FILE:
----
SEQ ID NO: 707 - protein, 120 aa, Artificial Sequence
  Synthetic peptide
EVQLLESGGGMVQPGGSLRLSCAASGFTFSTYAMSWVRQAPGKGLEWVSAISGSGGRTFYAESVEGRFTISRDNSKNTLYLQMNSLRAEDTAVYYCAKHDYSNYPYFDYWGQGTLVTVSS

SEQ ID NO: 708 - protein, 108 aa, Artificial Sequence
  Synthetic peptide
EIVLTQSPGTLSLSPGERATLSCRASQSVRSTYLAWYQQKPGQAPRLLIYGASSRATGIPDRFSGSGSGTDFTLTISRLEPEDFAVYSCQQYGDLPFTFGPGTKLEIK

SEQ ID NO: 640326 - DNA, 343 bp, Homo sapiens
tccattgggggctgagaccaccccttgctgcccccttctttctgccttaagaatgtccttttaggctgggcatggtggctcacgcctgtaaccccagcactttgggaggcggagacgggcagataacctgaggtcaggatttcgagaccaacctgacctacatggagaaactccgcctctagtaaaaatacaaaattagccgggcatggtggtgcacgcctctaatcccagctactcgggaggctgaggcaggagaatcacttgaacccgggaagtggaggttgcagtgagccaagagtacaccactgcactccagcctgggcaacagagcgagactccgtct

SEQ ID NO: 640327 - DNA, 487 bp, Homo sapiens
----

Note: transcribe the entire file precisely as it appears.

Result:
SEQ ID NO: 707 - protein, 120 aa, Artificial Sequence
  Synthetic peptide
EVQLLESGGGMVQPGGSLRLSCAASGFTFSTYAMSWVRQAPGKGLEWVSAISGSGGRTFYAESVEGRFTISRDNSKNTLYLQMNSLRAEDTAVYYCAKHDYSNYPYFDYWGQGTLVTVSS

SEQ ID NO: 708 - protein, 108 aa, Artificial Sequence
  Synthetic peptide
EIVLTQSPGTLSLSPGERATLSCRASQSVRSTYLAWYQQKPGQAPRLLIYGASSRATGIPDRFSGSGSGTDFTLTISRLEPEDFAVYSCQQYGDLPFTFGPGTKLEIK

SEQ ID NO: 640326 - DNA, 343 bp, Homo sapiens
tccattgggggctgagaccaccccttgctgcccccttctttctgccttaagaatgtccttttaggctgggcatggtggctcacgcctgtaaccccagcactttgggaggcggagacgggcagataacctgaggtcaggatttcgagaccaacctgacctacatggagaaactccgcctctagtaaaaatacaaaattagccgggcatggtggtgcacgcctctaatcccagctactcgggaggctgaggcaggagaatcacttgaacccgggaagtggaggttgcagtgagccaagagtacaccactgcactccagcctgggcaacagagcgagactccgtct

SEQ ID NO: 640327 - DNA, 487 bp, Homo sapiens